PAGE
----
Folkfest Day 3: Lee Fields & the Expressions, Pony Girl & The National
Seven is just a number. It’s really only one more than six, two less than nine. It’s also a mystical number, sometimes considered holy. Even if you’re not spiritual you can agree that it’s prime, and that in art or composition it’s esthetically pleasing. Last night, the three sets that made my night at the Ottawa Folkfest were each presented by seven artists on stage, almost always three musicians on each side of a vocal frontman.
Lee Fields & The Expressions bringing their A game to the Eh! Stage at Ottawa’s Folkfest, Sept. 12, 2014. Photo: Joseph Mathieu
It began with Lee Fields and his backing band The Expressions (seven), a soulman from the late 60s with the young Truth & Sould Records’ house band from Williamsburg, New York. We walked up to his song “Ladies,” which showcases Fields’ adoration for all womankind. “Ladies! Beautiful ladies! Hey girl, what’s your name? Oh wow, you look so nice. I know your man is satisfied!” Lyrics coming from just anyone could come off as egotistical but from the soulful smile of Mr. Fields exudes his genuine appreciation of the women he meets.
His love for “short ones, tall ones, big ones, small ones,” is as evident as his grief in singing songs from his latest album, his fifth with the Expressions, Emma Jean. Named after his deceased mother, the album covers a wide range of emotion that certain artists can’t harness over their entire careers. He mentioned that he considered this album a whole mess of flowers for his mother, each song a bouquet for Emma Jean. “It Still Gets Me Down” and “Just Can’t Win” were as genuine as the Expressions backing him were expressionless. Perhaps their listless behaviour was to accentuate the passion in Lee Fields, as their languid side-step constrasted their leader’s sass.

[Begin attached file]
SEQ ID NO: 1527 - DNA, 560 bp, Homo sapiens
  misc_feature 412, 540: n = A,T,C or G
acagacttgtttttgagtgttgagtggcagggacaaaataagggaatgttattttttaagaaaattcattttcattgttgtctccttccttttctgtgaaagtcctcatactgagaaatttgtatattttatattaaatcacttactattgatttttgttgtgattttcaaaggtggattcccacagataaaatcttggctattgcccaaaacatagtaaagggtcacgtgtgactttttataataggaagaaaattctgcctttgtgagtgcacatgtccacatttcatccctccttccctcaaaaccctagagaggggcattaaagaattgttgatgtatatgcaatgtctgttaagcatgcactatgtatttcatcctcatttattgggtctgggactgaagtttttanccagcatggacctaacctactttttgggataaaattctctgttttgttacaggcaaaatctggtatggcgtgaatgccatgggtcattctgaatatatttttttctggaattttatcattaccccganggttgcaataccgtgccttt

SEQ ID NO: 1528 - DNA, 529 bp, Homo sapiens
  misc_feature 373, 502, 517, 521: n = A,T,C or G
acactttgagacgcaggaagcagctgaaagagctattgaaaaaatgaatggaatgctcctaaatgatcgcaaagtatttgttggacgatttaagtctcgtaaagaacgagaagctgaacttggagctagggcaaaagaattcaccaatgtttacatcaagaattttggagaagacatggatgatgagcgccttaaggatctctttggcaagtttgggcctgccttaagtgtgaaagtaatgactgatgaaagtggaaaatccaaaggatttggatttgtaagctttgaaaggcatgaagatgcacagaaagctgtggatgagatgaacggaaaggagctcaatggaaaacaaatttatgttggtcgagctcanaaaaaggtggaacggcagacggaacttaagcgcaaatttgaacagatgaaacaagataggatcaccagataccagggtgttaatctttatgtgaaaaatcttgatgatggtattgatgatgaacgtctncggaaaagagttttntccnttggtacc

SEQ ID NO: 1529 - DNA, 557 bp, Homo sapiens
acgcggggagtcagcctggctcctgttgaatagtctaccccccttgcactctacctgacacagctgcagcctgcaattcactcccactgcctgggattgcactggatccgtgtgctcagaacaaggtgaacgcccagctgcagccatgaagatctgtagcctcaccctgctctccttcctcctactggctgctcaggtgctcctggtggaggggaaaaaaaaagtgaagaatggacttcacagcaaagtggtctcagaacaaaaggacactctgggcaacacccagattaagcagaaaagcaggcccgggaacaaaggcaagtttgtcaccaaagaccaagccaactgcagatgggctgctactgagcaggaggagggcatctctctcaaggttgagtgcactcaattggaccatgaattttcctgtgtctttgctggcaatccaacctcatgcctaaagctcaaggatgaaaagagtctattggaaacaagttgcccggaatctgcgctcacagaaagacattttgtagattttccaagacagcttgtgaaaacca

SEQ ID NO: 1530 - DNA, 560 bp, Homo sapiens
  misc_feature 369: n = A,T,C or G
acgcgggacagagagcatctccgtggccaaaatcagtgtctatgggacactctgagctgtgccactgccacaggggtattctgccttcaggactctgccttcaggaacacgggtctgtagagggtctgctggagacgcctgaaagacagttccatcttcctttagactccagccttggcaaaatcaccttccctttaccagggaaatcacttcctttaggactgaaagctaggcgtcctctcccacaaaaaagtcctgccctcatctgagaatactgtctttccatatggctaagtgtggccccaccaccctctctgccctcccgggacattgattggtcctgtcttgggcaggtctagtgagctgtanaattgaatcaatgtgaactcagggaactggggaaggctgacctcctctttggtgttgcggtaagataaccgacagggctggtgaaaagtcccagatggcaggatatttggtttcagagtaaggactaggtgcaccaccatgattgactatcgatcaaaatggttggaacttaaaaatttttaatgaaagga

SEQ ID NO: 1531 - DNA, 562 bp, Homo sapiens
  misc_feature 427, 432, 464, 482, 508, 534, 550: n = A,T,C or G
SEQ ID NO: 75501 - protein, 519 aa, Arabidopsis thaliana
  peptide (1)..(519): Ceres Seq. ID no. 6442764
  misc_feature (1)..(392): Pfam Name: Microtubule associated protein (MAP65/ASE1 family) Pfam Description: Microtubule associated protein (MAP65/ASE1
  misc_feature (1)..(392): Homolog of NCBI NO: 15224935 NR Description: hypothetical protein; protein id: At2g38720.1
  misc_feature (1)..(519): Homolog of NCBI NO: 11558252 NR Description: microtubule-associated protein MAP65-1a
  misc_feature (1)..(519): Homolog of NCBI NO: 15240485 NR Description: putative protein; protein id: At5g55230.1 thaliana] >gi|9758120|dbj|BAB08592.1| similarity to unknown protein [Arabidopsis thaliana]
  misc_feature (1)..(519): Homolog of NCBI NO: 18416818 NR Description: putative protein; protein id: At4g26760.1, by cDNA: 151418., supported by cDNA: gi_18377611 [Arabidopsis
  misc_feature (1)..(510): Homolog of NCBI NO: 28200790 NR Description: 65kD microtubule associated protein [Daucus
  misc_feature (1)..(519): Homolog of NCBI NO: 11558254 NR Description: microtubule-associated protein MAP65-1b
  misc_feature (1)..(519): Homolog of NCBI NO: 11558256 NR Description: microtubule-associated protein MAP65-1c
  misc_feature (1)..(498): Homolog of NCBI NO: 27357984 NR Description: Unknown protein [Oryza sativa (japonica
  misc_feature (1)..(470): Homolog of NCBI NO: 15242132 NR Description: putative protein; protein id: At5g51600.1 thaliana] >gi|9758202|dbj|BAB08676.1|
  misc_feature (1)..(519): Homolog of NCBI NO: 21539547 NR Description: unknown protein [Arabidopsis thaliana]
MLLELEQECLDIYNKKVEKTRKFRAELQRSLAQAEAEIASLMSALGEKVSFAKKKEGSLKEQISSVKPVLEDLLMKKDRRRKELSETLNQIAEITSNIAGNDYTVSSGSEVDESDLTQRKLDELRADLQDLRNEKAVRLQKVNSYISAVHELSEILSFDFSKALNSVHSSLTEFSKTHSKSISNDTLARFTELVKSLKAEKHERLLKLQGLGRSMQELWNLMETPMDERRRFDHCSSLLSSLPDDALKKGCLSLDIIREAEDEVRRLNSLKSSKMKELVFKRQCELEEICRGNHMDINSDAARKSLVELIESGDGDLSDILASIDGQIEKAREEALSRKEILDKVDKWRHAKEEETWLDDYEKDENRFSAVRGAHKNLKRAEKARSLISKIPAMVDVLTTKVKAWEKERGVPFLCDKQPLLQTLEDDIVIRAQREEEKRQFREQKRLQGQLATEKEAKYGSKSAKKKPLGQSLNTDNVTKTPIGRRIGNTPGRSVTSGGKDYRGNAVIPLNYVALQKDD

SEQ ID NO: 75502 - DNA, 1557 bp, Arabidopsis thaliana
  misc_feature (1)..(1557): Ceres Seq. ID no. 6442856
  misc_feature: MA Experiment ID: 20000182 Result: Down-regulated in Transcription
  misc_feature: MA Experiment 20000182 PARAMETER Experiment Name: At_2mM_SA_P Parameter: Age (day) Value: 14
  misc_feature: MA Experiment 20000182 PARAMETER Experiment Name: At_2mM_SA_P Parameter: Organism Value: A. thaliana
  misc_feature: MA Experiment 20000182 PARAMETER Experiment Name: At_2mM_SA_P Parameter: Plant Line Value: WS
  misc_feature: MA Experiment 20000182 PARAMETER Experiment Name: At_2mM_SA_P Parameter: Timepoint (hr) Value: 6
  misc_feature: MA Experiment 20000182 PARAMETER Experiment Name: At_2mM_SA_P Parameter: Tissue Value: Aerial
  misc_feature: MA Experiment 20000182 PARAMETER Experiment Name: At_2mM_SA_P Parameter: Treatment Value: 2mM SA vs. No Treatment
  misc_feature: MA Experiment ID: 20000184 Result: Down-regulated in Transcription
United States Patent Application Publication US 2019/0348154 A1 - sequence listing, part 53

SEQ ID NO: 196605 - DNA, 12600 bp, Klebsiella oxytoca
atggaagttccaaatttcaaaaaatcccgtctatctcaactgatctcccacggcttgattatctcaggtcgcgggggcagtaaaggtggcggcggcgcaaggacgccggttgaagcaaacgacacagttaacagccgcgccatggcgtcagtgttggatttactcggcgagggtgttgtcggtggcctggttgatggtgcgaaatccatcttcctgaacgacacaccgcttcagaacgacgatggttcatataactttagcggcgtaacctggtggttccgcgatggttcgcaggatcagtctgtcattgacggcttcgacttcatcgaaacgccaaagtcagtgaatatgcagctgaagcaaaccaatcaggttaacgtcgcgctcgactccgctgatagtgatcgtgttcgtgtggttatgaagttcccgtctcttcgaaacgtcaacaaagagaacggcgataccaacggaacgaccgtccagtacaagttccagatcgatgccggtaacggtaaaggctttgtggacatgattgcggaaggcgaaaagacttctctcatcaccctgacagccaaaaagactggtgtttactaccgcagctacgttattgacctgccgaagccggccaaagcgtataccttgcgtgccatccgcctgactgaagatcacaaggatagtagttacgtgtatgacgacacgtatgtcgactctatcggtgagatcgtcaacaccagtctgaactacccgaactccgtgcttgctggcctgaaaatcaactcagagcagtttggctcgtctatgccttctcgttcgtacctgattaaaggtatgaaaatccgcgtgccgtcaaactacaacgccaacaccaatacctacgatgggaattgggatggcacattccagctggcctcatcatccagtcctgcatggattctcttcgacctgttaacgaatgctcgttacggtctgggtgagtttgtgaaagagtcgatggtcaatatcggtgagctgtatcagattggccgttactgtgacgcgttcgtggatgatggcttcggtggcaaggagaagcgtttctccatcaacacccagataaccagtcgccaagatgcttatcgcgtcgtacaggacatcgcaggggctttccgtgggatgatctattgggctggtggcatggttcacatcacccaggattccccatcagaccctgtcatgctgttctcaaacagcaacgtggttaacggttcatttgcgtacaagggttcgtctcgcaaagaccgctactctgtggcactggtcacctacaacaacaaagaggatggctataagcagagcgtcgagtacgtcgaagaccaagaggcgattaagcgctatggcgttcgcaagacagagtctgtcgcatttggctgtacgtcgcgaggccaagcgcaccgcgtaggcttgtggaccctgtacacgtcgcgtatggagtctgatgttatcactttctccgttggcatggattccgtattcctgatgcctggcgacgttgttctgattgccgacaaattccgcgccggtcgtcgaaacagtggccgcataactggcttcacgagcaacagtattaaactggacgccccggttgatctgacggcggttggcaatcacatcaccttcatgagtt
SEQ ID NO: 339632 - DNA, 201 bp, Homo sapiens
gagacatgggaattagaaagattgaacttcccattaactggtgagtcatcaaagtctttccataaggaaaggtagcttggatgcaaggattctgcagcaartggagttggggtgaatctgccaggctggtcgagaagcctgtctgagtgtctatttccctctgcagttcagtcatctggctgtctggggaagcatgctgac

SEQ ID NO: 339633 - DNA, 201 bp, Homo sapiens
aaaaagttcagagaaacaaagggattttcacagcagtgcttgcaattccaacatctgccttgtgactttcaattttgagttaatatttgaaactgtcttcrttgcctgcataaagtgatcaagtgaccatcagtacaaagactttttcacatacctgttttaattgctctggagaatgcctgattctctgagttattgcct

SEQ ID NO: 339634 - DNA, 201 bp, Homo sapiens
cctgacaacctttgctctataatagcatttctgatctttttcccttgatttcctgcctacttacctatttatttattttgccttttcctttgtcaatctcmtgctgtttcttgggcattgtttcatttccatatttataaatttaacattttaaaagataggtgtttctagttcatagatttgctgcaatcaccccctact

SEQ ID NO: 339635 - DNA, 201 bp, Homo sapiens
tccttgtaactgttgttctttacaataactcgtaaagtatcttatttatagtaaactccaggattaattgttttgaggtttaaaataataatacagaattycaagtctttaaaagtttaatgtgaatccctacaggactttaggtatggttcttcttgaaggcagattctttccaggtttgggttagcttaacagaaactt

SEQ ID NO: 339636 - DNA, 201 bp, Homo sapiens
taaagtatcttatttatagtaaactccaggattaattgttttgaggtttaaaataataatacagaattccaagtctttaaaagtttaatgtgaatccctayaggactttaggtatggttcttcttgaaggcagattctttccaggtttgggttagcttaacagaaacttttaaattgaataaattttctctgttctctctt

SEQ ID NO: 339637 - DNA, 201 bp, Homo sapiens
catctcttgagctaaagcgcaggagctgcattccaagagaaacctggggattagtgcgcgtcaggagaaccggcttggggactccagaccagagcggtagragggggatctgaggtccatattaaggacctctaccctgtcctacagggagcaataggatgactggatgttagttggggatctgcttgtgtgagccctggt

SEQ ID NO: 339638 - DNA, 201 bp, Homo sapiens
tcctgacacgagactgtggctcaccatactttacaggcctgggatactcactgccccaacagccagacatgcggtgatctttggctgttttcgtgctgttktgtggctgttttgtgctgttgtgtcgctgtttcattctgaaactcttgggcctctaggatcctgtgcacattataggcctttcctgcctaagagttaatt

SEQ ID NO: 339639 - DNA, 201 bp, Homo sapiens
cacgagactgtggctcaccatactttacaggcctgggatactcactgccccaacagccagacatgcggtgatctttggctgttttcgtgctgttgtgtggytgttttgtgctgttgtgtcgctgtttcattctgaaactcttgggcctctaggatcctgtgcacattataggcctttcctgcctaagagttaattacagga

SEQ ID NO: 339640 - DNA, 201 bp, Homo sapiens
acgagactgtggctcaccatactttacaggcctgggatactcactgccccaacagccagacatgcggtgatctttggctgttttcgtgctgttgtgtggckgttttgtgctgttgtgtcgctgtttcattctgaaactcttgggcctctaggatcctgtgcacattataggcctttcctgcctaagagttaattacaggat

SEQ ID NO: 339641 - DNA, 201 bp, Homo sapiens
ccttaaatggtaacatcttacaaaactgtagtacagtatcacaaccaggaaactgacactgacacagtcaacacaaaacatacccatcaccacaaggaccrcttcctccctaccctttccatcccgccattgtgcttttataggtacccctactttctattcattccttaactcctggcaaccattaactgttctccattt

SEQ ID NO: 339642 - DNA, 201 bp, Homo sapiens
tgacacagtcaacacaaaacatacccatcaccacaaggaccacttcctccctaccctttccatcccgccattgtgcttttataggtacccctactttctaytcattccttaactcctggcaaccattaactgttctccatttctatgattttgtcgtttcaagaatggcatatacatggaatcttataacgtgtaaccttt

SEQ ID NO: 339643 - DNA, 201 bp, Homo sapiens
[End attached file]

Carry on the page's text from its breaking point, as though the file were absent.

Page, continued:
“Ottawa, I love you!” he cried as his band side-stepped. His jet black hair might not have been authentic but this 63-year-old’s affection for music lovers was as honest as the day is long.
Yolande Laroche & Pascal Huot of Ottawa’s Pony Girl on the Hill Stage at Ottawa’s Folkfest, Sept. 12, 2014. Photo: Joseph Mathieu
The seven musicians that are Pony Girl started 20 minutes late, presumably because they’d just fallen out of a tour van fresh from St. Andrews by-the-Sea, New Brunswick, where they’d played on Wednesday. Despite this intense day trip at the end of an extensive two-week tour, the local collective still wowed the patrons of the Hill Stage last night. They were the second set on the stage’s local bill, coinciding with J. Cole on the Ravenlaw Stage, which they were sad to miss. They played several new songs from their upcoming sophomore LP called Foreign Life, and demonstrated just how creative their composition will continue to be. The 2014 winter addition of Mitch Cousineau on organ & piano is a boon to their sound.
I don’t want to be accused of beating a dead horse (let alone a healthy pony) but the septet once again showed us how they are more than the sum of its parts. Take Pascal Huot for example. He is the soft-spoken frontman who guides us through their set, and he is also one fourth of the singing quartet, one third of their guitar trio, and at least half of their synth duo. Impressively enough, the other sample-wielder is their drummer Jeff Kingsbury. All these fractions amount to a whole that seems to expand the more you look at it. Their vibrations present a mosaic that’s just beautiful.